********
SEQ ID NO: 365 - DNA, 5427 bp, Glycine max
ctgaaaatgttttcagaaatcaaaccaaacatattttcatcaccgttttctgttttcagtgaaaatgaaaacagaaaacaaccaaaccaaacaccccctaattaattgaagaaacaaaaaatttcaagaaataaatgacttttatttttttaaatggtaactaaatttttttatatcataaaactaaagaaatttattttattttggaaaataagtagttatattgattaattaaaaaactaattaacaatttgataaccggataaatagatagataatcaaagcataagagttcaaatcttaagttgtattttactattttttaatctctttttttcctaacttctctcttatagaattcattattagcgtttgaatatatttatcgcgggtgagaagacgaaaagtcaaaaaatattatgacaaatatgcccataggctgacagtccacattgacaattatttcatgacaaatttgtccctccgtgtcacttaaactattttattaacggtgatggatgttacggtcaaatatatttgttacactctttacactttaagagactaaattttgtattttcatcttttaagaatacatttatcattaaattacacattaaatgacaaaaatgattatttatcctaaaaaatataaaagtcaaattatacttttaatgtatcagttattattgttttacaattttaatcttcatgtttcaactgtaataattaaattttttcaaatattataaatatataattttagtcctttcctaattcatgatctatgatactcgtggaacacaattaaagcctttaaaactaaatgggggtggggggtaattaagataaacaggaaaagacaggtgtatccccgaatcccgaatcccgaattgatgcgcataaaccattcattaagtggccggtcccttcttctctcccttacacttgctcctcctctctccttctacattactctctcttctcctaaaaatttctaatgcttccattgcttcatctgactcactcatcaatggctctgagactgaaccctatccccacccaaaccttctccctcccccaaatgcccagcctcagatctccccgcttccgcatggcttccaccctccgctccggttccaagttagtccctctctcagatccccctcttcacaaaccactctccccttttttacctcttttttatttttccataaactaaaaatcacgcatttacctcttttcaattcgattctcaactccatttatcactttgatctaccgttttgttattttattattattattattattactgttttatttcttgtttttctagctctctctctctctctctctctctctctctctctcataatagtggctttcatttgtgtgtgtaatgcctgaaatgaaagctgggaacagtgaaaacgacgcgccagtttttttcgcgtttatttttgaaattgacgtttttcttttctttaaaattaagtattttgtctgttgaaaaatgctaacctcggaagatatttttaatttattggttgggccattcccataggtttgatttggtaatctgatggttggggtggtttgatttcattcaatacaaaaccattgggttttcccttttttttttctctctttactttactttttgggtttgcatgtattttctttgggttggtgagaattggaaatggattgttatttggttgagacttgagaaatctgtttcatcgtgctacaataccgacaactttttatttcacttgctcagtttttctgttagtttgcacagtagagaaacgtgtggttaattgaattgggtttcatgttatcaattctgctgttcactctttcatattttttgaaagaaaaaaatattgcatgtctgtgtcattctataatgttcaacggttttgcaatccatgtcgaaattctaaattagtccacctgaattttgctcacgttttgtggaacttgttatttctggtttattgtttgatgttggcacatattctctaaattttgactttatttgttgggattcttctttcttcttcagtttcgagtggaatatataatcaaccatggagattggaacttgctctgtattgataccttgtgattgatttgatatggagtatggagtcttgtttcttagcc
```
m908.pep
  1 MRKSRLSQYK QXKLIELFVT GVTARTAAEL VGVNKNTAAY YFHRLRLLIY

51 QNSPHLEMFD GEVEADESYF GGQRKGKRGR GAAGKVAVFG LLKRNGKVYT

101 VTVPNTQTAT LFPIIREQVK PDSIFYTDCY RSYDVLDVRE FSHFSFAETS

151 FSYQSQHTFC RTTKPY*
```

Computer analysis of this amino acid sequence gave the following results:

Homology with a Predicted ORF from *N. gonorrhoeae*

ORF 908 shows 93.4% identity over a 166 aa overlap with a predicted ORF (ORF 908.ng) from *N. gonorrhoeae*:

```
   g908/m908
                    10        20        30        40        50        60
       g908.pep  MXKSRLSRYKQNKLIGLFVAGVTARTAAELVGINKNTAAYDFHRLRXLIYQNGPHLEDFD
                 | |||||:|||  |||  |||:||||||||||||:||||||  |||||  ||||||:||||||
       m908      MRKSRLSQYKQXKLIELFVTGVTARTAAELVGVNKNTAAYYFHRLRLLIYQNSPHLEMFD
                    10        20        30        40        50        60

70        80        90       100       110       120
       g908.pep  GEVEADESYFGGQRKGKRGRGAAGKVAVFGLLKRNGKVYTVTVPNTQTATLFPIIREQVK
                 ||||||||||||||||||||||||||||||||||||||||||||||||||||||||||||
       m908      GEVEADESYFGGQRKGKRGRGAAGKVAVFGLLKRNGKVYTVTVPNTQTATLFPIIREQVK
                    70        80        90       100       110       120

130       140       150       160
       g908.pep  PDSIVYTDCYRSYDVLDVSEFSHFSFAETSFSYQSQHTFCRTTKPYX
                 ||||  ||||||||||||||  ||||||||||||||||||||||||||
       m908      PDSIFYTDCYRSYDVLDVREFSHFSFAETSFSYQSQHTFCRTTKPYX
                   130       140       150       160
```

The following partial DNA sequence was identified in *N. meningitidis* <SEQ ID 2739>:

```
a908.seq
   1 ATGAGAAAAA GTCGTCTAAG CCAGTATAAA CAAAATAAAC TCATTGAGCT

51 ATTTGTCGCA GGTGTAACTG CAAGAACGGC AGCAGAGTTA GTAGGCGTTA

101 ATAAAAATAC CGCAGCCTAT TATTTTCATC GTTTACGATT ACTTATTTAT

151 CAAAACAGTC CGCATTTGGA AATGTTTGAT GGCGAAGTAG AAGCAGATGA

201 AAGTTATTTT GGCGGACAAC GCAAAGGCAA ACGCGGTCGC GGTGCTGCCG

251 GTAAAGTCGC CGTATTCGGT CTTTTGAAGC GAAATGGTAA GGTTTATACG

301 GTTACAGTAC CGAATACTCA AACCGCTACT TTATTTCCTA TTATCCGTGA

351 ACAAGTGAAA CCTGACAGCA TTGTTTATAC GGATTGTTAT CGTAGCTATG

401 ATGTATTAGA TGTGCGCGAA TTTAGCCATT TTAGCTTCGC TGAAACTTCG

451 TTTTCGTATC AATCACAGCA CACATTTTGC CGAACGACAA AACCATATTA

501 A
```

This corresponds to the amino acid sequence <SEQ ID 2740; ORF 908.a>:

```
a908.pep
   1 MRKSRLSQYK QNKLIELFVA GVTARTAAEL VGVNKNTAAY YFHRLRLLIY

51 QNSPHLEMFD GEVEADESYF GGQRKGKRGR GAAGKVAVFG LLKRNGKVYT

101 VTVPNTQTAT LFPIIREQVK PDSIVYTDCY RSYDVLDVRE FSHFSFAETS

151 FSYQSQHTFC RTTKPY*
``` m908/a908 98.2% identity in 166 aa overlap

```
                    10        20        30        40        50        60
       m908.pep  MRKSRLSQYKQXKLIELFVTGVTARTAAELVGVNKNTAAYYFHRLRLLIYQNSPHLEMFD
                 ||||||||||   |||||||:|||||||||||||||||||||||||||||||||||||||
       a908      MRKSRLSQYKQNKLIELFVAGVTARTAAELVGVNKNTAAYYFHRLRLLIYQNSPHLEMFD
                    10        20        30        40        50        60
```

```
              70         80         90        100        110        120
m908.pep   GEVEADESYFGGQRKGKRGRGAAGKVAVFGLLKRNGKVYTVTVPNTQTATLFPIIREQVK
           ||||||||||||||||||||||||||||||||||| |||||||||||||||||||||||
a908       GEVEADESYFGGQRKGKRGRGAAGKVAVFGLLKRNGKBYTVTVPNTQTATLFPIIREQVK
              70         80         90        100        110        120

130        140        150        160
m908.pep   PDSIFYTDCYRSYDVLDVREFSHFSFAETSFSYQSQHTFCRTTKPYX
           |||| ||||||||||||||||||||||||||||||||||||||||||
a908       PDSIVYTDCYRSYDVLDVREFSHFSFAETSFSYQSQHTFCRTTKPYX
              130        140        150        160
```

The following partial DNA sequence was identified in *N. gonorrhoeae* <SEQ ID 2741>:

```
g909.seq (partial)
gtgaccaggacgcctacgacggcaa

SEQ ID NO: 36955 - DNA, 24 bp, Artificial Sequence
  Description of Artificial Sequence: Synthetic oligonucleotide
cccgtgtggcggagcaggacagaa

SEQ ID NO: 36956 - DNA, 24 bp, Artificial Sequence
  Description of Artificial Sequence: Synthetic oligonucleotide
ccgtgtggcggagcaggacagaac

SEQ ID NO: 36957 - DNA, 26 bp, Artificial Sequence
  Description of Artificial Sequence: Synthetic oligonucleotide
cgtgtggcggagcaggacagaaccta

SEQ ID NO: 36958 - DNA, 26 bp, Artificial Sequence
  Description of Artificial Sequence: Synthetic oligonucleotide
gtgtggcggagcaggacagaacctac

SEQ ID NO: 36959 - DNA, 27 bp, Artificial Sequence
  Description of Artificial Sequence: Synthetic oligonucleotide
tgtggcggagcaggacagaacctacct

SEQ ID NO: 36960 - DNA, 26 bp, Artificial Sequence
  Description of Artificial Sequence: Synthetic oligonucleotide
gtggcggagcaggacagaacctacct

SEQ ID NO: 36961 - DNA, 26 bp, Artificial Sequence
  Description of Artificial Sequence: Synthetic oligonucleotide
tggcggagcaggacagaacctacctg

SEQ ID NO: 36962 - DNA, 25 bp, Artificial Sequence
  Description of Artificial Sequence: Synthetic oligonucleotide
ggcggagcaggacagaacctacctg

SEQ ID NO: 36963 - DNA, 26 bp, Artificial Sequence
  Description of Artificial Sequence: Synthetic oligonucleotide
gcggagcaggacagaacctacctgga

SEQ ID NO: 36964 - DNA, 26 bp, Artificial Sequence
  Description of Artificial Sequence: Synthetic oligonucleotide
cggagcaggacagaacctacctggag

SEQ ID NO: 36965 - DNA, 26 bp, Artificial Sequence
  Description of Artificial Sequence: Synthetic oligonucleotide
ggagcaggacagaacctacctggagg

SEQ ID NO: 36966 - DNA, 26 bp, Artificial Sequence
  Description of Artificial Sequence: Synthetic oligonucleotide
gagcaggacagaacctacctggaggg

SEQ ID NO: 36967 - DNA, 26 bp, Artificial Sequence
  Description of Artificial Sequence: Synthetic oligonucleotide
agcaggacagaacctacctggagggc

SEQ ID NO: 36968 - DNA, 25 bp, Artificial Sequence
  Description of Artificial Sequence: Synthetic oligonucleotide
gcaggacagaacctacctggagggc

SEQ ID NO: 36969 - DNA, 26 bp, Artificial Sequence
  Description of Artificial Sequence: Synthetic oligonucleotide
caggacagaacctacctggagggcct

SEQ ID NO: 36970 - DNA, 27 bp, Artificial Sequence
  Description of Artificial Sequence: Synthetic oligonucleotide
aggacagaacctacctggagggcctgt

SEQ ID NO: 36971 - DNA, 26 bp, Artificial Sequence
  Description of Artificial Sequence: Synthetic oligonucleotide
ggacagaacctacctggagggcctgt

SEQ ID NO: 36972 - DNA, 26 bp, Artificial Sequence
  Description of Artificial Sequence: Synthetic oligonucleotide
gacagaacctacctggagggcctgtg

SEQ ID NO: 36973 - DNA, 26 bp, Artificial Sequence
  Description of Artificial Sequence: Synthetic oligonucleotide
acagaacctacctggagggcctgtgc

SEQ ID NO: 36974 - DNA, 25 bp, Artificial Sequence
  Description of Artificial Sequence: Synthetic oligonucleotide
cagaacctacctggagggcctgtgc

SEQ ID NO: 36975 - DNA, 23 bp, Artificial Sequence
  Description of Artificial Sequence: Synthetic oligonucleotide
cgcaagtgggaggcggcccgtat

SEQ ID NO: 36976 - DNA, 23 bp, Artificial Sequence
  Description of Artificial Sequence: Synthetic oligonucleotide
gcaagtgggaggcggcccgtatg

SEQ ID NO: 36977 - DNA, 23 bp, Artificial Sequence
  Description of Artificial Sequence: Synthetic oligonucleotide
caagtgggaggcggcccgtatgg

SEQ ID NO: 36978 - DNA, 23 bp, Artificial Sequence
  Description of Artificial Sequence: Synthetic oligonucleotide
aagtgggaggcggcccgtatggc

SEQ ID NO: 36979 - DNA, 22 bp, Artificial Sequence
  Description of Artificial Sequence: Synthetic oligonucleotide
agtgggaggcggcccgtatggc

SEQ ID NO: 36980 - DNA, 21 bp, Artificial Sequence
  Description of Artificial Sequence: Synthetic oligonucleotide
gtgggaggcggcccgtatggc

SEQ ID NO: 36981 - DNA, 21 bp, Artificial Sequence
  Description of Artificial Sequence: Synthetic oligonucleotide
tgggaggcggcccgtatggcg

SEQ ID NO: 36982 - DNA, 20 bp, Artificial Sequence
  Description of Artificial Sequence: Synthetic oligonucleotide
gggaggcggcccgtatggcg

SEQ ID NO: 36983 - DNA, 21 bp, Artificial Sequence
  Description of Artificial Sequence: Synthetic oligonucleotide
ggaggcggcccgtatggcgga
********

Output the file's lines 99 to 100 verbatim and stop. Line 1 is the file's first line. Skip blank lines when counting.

  Description of Artificial Sequence: Synthetic oligonucleotide
ggcggagcaggacagaacctacctg